If nothing is done, Vermont lawmakers will approve a seven-cent increase in the statewide property tax rate, which would be the largest increase ever imposed to fund our schools.
That’s not likely. The governor has promised the increase would be less. The House Ways and Means Committee has already proposed a plan that would cut the increase to five cents.
The message from Town Meeting Day was clear to legislators: There is a limit to what Vermonters can afford and that limit has been reached. There is a palpable concern in the Statehouse that voters consider present cost trends unsustainable and for legislators to pretend otherwise is as foolhardy as it is insensitive.
The worry, however, is that legislators will act in the moment and not with the foresight necessary to ensure a sustainable, high-quality educational system. The worry is that legislators will be seduced more by immediate cost-cutting measures and forgo proposed systemic changes that would set the long-term stage for lower costs and improved outcomes.
It’s not an either-or proposition. Both could, and should be done.
On the property tax front, the Legislature will consider, among other things, reducing the small school grants, saving a couple of million dollars. It will also consider increasing the penalties for districts that spend at a rate higher than inflation. It will examine the need to change the income sensitivity program so households earning between $47,000 and $90,000, would pay more. It may also consider modifying the calculations that determine a school district’s spending per equalized pupil.
Whatever the choices, the outcome will be something that reduces the seven-cent increase in the statewide property tax, and it will be something that puts some downward pressure on school spending.
That’s helpful, but that’s largely an exercise in rearranging what we already have.
There are opportunities that hold more promise.
Our representatives also should give serious consideration to the proposed school consolidation legislation being considered, which would organize education around regional pre-K-12 districts, thus reducing the number of school districts and supervisory unions.
Of the two, consolidation is the heavier lift. Cutting taxes makes the headlines in a positive way; at least politically. Reorganizing our schools boards and supervisory unions creates headlines in a more controversial way.
But it’s the long-term reorganizational effort that provides the framework necessary to change how our schools function, how they can be better managed, how costs can be controlled and how outcomes can be improved.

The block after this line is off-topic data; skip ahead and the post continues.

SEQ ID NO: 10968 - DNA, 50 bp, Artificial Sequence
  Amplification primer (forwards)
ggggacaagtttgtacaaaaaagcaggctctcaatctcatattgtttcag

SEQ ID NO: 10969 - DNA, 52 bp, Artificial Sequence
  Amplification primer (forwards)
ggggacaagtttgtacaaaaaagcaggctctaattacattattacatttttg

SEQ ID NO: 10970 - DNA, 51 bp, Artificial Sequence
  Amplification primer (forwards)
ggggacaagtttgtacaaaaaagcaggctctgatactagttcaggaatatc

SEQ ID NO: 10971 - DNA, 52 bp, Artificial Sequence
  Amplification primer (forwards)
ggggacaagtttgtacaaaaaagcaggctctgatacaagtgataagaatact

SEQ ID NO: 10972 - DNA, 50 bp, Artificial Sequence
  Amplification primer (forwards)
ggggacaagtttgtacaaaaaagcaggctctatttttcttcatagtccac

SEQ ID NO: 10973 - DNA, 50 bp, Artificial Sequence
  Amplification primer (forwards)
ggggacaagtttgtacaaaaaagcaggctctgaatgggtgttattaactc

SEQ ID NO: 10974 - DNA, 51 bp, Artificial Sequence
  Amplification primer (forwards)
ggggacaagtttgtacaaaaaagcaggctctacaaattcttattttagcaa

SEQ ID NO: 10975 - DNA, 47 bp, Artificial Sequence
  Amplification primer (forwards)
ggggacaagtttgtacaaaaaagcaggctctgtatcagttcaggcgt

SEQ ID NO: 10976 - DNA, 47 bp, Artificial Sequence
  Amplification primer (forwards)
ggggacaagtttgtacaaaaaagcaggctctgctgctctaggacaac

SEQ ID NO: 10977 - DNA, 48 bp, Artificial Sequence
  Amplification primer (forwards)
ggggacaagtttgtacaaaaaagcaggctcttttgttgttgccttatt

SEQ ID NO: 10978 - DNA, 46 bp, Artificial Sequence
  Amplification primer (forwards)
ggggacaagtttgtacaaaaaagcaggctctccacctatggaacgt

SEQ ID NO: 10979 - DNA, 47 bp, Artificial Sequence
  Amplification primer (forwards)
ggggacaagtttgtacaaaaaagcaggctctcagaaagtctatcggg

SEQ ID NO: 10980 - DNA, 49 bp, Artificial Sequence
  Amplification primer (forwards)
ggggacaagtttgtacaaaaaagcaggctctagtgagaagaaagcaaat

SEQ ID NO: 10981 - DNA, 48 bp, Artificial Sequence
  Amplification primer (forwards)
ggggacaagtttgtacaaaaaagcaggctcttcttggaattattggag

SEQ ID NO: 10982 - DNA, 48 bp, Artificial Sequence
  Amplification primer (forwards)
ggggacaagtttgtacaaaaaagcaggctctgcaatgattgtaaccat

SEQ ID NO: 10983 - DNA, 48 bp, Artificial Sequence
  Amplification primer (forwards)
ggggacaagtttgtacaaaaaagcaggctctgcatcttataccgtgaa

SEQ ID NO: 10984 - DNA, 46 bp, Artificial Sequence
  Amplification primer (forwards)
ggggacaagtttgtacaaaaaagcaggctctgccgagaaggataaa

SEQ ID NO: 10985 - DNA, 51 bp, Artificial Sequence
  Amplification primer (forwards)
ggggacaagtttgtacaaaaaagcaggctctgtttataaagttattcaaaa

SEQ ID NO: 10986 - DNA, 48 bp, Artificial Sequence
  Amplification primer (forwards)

If all the Legislature does is to cut a grant or two, or impose penalties on high-spending schools, it has not dealt with the systemic issues that contribute to the problem we have. That’s kicking the proverbial can down the road.
Think about it. We have 282 school districts and 80 supervisory unions. We have roughly 1,500 school board members for about 80,000 students, or one school board member for every 53 students. No other state has an administrative structure even close to what we have in Vermont. We could cut what we have in place by half, and still be far below the national average.
The consolidation proposal being considered is supported, in large part, by the school board association and the superintendents’ association, the two groups best acquainted with the need.
But it’s being pilloried in commentary as being “a body blow to local democracy,” the tired suggestion that what we had in 1912 is still relevant today, that nothing should change despite the fact we’ve lost 30,000 students over the last 15 years and that many of our towns are losing population.
Critics contend consolidation would not save money and that it would, in the process, threaten the relationship between teachers and their students.
The critics are largely apologists for the system we have and offer no thoughts as to how things might be changed for the better, or how our educational system must evolve if it is to stay relevant. If the public approves the school budget, then, they argue, the need to change must not exist. End of discussion.
That’s precisely the line of argument that stultifies innovation. Why is it that every other discipline must undergo constant change to remain relevant, but in Vermont we think it prudent to defend a school governance system that’s over a century old?
The school consolidation argument is not about saving paper clips. It’s about making coordinated decisions more efficiently. It’s about using our resources more effectively. It’s about giving teachers a higher, more meaningful level of support. It’s about improving the level of communication between schools and the public.
These virtues are almost impossible to realize with our current system. We have too many trying to manage too few. That creates a balkanized system that forfeits control to the smallest unit, making it almost impossible to move the system, as a whole, ahead.
We spend enough money on our schools. For that, we should be thankful. It’s time now to act on proposals that will help us spend that money more wisely, and with better results.
The school consolidation proposal is a start.
— Emerson Lynn
St. Albans Messenger